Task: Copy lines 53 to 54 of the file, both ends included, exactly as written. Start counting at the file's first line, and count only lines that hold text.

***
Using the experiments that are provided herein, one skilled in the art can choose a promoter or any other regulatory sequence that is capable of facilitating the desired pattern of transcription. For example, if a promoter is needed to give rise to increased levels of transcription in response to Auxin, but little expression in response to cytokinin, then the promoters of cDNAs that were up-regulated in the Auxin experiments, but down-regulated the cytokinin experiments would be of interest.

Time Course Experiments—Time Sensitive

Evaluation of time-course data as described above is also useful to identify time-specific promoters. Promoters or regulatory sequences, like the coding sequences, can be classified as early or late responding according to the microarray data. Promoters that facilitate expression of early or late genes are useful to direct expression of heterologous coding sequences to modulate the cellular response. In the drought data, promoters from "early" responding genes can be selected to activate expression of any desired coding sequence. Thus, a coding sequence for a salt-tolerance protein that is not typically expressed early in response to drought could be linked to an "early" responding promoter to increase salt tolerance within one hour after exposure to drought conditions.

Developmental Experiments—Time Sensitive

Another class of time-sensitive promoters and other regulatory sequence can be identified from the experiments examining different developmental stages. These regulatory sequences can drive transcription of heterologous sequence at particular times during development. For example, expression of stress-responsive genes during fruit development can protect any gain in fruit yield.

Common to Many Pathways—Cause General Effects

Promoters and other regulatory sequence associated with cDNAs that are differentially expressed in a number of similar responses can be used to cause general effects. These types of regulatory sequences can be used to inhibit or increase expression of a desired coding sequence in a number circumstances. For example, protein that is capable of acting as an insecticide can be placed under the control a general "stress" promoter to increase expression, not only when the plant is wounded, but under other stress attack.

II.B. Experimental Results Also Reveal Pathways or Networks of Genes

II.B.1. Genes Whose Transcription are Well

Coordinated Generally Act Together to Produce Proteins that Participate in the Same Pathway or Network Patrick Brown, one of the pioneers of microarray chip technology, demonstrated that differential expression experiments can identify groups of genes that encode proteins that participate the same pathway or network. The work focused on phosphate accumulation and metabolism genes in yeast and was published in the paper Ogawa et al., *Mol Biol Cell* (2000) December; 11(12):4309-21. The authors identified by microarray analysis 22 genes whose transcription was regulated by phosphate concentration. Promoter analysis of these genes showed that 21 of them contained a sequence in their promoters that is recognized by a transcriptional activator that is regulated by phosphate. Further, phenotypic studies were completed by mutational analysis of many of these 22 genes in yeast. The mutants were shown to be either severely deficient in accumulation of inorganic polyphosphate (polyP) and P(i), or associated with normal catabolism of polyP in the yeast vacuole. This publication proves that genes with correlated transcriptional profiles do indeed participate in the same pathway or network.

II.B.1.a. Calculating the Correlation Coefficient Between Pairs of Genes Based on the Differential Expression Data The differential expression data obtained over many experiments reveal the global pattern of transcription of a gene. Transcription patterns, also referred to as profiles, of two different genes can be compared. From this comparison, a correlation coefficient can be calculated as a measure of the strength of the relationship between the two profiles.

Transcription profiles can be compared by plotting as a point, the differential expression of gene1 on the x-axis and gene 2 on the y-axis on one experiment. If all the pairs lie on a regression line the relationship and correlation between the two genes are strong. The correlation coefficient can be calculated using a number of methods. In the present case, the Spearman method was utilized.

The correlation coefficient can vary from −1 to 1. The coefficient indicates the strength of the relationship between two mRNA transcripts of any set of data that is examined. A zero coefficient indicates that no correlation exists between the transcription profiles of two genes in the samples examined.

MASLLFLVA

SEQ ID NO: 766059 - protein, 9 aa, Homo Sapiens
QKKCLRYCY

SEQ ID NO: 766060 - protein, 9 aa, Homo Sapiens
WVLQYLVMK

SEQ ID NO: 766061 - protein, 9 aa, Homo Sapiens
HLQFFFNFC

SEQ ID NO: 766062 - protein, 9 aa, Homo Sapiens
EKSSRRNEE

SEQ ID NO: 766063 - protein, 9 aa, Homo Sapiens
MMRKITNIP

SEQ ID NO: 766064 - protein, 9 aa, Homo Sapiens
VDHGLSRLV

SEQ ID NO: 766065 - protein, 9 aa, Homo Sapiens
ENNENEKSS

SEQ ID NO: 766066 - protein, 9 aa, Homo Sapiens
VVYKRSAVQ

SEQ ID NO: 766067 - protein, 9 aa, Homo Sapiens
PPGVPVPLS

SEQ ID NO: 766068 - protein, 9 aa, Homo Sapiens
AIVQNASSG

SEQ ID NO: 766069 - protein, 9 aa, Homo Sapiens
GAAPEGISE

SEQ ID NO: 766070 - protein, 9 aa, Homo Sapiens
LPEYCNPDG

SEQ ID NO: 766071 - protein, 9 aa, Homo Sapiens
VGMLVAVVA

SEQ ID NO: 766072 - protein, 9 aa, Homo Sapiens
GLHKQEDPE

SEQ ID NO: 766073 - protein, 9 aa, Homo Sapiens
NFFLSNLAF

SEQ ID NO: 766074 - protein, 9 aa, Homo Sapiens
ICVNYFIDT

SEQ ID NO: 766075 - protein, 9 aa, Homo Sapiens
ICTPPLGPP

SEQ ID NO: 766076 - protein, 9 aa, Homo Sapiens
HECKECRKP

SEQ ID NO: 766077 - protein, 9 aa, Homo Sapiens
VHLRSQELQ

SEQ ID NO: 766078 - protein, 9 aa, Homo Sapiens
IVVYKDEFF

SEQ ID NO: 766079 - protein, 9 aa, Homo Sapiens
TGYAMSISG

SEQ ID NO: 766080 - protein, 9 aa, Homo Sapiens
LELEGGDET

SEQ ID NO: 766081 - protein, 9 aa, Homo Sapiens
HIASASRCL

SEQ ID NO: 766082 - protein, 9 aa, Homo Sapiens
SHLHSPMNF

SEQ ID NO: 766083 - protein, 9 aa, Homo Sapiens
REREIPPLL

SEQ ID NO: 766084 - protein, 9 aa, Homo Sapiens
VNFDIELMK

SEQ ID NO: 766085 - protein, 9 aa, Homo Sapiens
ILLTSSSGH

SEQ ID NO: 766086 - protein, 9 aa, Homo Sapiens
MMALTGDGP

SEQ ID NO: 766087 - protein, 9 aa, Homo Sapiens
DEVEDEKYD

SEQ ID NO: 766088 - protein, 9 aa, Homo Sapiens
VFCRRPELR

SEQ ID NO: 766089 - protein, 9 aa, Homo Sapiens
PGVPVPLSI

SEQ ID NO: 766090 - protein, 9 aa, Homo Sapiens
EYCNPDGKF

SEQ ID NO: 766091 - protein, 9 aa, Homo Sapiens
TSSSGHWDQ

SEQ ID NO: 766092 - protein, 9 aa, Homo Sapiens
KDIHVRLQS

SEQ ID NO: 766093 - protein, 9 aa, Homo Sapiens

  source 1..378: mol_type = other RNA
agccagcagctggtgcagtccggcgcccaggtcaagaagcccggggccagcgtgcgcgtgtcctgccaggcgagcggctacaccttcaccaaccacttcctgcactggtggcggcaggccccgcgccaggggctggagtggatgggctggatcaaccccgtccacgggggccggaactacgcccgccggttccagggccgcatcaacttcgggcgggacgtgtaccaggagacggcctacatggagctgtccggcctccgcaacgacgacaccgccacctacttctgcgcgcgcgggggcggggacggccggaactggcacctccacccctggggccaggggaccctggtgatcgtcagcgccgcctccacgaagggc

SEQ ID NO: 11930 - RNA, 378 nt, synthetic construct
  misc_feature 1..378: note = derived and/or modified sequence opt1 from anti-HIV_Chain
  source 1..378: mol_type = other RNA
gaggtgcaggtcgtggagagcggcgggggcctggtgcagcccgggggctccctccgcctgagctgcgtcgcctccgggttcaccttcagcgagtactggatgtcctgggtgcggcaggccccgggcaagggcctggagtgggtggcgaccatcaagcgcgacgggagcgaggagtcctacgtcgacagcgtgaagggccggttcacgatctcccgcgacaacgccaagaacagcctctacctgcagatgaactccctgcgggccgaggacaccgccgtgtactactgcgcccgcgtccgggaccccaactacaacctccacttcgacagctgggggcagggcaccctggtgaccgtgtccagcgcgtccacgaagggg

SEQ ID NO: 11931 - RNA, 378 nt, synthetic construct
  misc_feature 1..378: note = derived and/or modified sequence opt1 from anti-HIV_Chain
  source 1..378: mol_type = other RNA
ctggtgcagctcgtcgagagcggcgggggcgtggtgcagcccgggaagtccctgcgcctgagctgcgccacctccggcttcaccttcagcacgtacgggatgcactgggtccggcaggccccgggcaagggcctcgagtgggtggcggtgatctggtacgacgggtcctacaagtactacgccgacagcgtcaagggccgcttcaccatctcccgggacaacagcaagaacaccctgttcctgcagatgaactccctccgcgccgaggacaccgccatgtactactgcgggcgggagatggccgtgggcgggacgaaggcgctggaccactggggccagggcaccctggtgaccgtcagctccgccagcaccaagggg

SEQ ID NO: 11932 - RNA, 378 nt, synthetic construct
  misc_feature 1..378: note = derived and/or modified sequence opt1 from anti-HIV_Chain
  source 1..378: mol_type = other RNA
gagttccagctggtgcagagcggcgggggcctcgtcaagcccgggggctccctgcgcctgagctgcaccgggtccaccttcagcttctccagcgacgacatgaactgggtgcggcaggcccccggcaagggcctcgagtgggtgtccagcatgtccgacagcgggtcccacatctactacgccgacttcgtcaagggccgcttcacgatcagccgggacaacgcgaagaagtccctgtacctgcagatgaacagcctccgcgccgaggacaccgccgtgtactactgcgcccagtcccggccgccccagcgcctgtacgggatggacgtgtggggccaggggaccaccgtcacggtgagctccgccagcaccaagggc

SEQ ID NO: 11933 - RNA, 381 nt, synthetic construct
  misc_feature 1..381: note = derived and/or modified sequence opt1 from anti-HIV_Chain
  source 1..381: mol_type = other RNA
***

SEQ ID NO: 766078 - protein, 9 aa, Homo Sapiens
IVVYKDEFF